In an effort to heal a community hurt by recent shootings at two high schools, San Diego-area cable operators Time Warner Cable and Cox Communications Inc. will partner with Court TV for a televised town-hall style meeting.
The event — part of Court TV's multitiered "Choices and Consequences" program — is set to tape April 19, on the third anniversary of the infamous shootings at Columbine High School in Littleton, Colo. The program is likely to air in mid-May.
The Cox system will air the meeting live on a local origination channel, while Time Warner plans to share tapes of the event with area high schools prior to Court TV's national telecast.
Time Warner San Diego division vice president Ernie Villicana brought the idea to Court TV, though he admits it was his middle school-aged daughter who coaxed him into doing so.
Court TV suggested bringing in Cox — the region's other cable incumbent — and Villicana agreed. He conceded that partnering with another cable company was a little unusual, but added, "We're not in this for the publicity."
The San Diego shootings scored their share of local and national news coverage, Villicana noted.
"Our first response was that we didn't want to be seen as exploitative," said Court TV senior vice president of public and government affairs Scoot MacPherson. As such, Court TV took cues from its San Diego affiliates.
Cox and Court TV had conducted a public-affairs program at a local middle school about six months ago, said Cox San Diego media and public relations director Judith Morgan Jennings. Villicana also had worked with Court TV on a high school forum called "Your Turn" when he was with Time Warner of Bakersfield, Calif., in 1998.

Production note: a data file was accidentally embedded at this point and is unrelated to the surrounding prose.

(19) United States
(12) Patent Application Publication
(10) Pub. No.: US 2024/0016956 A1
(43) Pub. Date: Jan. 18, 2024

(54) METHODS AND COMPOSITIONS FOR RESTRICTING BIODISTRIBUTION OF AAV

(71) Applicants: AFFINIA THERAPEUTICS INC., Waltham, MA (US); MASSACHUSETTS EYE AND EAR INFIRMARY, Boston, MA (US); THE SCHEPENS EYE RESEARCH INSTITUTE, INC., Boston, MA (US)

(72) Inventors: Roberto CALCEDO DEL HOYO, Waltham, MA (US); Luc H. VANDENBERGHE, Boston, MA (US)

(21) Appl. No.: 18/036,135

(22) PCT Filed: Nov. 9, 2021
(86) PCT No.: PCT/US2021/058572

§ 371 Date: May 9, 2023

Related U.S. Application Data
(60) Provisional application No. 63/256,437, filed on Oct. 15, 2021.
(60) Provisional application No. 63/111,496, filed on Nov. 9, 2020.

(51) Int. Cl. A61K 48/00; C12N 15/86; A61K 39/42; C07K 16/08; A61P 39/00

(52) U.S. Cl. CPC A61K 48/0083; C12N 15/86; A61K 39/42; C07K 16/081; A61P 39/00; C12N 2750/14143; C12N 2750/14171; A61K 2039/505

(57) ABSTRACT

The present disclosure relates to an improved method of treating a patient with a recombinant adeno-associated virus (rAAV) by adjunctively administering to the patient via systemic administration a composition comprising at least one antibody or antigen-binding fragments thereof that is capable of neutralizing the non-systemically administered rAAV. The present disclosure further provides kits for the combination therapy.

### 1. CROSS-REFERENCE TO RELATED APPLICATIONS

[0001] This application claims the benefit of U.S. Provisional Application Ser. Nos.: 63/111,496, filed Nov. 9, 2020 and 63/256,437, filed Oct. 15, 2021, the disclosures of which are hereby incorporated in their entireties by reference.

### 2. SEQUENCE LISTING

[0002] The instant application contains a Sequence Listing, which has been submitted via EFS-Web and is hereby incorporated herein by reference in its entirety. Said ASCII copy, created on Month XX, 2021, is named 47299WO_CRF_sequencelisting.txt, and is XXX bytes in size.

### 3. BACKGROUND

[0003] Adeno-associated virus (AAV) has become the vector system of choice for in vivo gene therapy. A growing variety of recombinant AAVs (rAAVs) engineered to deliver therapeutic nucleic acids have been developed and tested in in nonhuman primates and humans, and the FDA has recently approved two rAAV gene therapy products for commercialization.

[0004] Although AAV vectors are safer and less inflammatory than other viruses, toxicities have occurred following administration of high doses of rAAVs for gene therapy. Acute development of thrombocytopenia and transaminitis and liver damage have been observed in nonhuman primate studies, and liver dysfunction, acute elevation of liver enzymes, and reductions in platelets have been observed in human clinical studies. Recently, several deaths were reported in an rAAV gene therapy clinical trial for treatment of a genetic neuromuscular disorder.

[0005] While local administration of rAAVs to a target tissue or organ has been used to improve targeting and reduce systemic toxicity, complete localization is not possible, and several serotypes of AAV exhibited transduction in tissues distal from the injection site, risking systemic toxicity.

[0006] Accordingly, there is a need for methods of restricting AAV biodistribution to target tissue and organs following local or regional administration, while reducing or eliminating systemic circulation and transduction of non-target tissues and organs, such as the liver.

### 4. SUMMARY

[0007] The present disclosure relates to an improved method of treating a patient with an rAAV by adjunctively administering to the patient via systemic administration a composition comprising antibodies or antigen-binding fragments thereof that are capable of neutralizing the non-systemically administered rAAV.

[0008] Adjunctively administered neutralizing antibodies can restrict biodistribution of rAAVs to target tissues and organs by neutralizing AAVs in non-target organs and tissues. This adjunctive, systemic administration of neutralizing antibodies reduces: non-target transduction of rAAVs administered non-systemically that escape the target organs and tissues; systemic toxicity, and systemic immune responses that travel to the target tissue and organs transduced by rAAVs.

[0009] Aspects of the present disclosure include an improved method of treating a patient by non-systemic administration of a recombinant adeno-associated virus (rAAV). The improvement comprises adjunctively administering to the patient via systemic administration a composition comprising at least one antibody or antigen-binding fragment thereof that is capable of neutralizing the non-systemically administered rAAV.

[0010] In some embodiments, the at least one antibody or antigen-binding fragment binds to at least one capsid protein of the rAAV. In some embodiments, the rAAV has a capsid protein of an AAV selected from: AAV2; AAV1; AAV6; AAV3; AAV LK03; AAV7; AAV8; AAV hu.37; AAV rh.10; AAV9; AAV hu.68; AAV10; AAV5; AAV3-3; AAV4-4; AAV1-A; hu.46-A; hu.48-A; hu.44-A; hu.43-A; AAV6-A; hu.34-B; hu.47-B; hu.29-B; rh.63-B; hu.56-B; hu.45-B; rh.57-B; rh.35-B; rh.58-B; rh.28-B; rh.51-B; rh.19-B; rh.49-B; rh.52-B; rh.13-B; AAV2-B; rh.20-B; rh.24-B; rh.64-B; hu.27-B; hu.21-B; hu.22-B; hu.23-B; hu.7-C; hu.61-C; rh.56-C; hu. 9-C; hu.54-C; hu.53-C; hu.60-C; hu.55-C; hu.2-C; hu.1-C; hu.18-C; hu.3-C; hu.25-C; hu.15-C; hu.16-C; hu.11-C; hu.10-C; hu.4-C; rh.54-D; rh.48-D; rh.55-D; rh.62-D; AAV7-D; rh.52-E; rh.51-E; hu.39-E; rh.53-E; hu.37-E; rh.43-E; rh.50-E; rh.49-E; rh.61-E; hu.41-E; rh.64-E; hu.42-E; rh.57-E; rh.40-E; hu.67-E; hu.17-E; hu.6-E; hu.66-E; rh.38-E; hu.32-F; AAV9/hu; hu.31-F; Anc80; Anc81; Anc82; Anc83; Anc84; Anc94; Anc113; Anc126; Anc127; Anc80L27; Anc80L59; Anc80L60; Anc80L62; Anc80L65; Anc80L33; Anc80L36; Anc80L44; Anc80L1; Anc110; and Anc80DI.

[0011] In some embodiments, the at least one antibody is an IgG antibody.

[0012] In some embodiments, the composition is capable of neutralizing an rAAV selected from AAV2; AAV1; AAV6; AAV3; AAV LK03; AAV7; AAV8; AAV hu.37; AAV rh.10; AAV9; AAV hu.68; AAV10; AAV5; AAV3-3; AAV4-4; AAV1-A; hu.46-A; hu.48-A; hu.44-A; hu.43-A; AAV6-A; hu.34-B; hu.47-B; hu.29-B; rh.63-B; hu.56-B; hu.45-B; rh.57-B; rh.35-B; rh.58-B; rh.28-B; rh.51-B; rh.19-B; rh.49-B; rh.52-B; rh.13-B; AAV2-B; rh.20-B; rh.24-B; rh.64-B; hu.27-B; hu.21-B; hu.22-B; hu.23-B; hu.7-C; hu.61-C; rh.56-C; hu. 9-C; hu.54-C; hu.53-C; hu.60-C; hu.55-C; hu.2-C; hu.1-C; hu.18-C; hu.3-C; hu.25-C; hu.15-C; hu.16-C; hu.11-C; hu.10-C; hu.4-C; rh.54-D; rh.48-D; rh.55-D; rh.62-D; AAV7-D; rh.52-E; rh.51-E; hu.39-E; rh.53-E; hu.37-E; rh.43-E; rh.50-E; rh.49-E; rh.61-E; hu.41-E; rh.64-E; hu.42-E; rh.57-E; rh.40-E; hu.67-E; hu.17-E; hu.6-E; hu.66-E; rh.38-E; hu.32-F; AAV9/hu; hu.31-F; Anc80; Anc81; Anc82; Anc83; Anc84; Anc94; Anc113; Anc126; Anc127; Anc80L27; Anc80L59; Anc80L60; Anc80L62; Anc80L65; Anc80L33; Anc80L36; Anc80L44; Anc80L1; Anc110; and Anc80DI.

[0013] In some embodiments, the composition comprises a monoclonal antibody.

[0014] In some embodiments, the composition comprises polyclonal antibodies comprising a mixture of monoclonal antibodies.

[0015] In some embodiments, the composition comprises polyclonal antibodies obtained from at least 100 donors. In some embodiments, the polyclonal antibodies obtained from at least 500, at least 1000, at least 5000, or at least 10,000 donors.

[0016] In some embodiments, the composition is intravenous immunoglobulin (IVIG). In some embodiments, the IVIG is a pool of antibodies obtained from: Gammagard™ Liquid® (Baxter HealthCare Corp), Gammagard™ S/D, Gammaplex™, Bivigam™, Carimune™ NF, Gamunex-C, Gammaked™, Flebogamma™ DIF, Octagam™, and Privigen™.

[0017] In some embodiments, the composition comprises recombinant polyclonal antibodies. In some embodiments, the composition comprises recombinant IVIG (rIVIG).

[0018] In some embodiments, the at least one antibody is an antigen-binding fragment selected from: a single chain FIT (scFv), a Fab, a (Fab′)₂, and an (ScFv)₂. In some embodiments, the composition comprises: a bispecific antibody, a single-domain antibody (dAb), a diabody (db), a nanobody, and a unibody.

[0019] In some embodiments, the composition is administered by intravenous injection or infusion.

As with earlier events, the San Diego "Choices and Consequences" forum will be shaped by the concerns of participating youngsters and their high-school classmates.
Court TV last week sent staffers to San Diego to conduct focus groups. Those meetings will determine the primary topics of the upcoming discussions between high school students, civic leaders, educators and clergy.
"The dialogue is all particularly indigenous to the communities," MacPherson said. It's unique for kids to be given the opportunity to speak, rather than be spoken to, he added.
For Cox, that focus on childrens' concerns is the program's main attraction.
"We really want the voices of the students to come through," said Cox San Diego government and community relations representative Ed Lopez.
A Court TV personality and a San Diego news anchorperson will co-host the town meeting, though details had not been determined by press time. Both the Cox and Time Warner logos will appear on the set.
Cox and Time Warner will share production costs and responsibility for the crew. In addition to the talent, Court TV will provide its "Choices and Consequences" umbrella program and post-production editing.
Other Court TV affiliates have expressed interest in holding "Choices and Consequences" events, said MacPherson, including AT&T Broadband in Chicago and Boston and Insight Communications Co. in Louisville, Ky. No definitive plans have been announced.
At one point, Court TV was staging two "Choices and Consequences" events each month, but that schedule has been scaled back. "We now respond when there's a need from cable operators," MacPherson said.
The ability to work with local cable affiliates has been invaluable to Court TV because "we don't have the kind of local knowledge they have," said MacPherson.
Added Time Warner's Villicana: "Those of us at Time Warner live in the communities and have kids in the schools. It hits home."
Court TV has also worked directly with government agencies, including the White House, the U.S. Department of Justice and the U.S. Department of Education, as well as civic groups such as the YMCA, the Anti-Defamation League and Cable in the Classroom.